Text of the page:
Against the typically overmatched yet always feisty Cavaliers team, Thomas completed 13 of his 29 passes for 229 yards in a game that was actually dominated by the kickers. Virginia Tech connected on a 22-yard field goal early in the first quarter, and after Virginia scored a three pointer of their own, Eric Kristensen once again connected, this time from 30 yards to bring the score to 6 – 3.

This game was short on big plays and long on defense, and the teams traded field goals in the initial 30 minutes before Virginia Tech scored the first and only touchdown of the game after Thomas hooked up with Trey Edmonds on a 26-yard scoring strike that put the Hokies ahead 16 – 6.

Folks can be certain that both coaches emphasized the need for defense in the upcoming half during the short halftime break. This was a message that was heard loud and clear by both Virginia Tech and Virginia, and the final 30 minutes were completely devoid of any scoring. Turnovers, foolish penalties and missed opportunities were theme throughout a second half that was forgettable.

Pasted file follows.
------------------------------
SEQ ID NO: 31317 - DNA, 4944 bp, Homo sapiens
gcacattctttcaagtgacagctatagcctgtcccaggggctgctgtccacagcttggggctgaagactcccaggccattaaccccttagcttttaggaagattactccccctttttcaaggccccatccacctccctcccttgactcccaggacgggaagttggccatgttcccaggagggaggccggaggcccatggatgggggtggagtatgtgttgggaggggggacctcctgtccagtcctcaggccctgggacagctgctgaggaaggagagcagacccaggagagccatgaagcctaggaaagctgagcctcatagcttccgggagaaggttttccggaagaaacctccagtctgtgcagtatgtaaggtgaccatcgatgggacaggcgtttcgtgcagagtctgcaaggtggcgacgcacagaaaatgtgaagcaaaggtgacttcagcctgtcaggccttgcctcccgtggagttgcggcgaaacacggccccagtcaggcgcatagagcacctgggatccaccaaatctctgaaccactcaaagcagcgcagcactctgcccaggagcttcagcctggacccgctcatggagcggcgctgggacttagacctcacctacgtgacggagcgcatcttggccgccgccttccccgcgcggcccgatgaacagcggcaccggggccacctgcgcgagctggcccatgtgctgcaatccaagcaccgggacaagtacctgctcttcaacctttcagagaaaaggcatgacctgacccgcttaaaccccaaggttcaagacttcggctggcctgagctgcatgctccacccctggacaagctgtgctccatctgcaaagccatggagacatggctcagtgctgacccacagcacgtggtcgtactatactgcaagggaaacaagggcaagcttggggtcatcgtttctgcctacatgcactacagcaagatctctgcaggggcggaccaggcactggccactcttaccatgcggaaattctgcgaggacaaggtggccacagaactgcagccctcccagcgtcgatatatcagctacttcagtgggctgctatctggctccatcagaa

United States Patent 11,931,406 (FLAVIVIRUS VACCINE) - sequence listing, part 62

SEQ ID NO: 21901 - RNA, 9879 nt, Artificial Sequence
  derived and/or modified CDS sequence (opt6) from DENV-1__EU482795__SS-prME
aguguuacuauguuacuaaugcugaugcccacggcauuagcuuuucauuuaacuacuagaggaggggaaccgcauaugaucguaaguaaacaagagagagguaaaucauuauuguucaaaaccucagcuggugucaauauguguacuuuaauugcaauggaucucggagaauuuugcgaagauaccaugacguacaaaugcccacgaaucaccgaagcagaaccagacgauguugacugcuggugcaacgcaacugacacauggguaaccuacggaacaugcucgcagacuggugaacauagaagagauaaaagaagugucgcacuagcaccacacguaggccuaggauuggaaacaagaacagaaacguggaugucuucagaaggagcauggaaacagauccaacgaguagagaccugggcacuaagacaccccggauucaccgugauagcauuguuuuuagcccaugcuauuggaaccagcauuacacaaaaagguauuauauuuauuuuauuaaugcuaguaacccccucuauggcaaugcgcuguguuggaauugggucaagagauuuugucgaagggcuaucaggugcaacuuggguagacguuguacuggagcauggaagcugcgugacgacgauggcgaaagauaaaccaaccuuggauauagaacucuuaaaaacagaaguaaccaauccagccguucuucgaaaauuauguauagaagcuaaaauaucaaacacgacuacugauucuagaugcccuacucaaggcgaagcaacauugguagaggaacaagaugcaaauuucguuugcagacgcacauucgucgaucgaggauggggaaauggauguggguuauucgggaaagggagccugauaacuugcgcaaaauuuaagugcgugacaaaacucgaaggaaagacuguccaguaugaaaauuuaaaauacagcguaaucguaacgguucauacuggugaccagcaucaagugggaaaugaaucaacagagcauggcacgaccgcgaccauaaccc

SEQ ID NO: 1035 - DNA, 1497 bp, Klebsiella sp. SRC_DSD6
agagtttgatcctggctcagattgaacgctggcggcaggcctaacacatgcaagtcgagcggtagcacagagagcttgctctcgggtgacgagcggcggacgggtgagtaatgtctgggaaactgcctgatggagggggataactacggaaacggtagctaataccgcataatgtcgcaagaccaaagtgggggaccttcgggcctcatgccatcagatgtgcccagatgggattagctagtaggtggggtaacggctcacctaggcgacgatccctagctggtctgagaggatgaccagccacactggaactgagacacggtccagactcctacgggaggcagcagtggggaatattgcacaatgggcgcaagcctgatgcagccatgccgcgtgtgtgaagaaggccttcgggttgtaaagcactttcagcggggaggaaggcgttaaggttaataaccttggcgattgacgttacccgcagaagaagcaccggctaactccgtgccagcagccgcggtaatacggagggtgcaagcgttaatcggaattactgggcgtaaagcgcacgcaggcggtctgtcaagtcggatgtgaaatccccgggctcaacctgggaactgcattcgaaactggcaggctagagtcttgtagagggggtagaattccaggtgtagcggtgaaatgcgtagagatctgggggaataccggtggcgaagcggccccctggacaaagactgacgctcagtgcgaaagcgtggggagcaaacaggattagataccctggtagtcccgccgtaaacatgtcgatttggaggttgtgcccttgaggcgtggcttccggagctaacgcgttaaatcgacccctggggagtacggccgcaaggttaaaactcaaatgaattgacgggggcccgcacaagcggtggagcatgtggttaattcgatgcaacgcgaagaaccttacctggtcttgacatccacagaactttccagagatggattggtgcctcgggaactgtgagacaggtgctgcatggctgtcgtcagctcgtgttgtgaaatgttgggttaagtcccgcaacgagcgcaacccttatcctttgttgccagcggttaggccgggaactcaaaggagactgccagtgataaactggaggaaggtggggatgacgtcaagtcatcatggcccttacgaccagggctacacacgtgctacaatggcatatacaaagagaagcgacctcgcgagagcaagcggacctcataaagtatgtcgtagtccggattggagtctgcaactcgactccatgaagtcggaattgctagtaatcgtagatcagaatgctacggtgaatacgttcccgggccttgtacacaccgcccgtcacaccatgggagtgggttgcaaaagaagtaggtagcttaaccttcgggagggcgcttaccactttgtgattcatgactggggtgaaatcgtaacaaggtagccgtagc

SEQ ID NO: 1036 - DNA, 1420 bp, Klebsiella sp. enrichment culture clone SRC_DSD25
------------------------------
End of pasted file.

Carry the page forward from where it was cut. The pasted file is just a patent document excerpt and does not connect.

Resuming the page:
Nonetheless, coach Beamer and Virginia Tech will now head into the off-season on a high note, anxious and hopeful of recruiting a player that resembles the quarterback from Newport News, Virginia that inspired and kicked off a new era of Virginia Tech football.

Looking back on the season, there are many reasons for Hokies fans to be happy. A victory over Georgia Tech in late September stands as one of the most impressive feats of the season, and a dispatching of the North Carolina Tar Heels the following week was also impressive. A three-point loss at the hands of the aforementioned Blue Devils came as a shock in late October, but Duke has demonstrated that they clearly mean business. An 18-point victory in early November over the Miami Hurricanes also represents a high-water mark of achievement.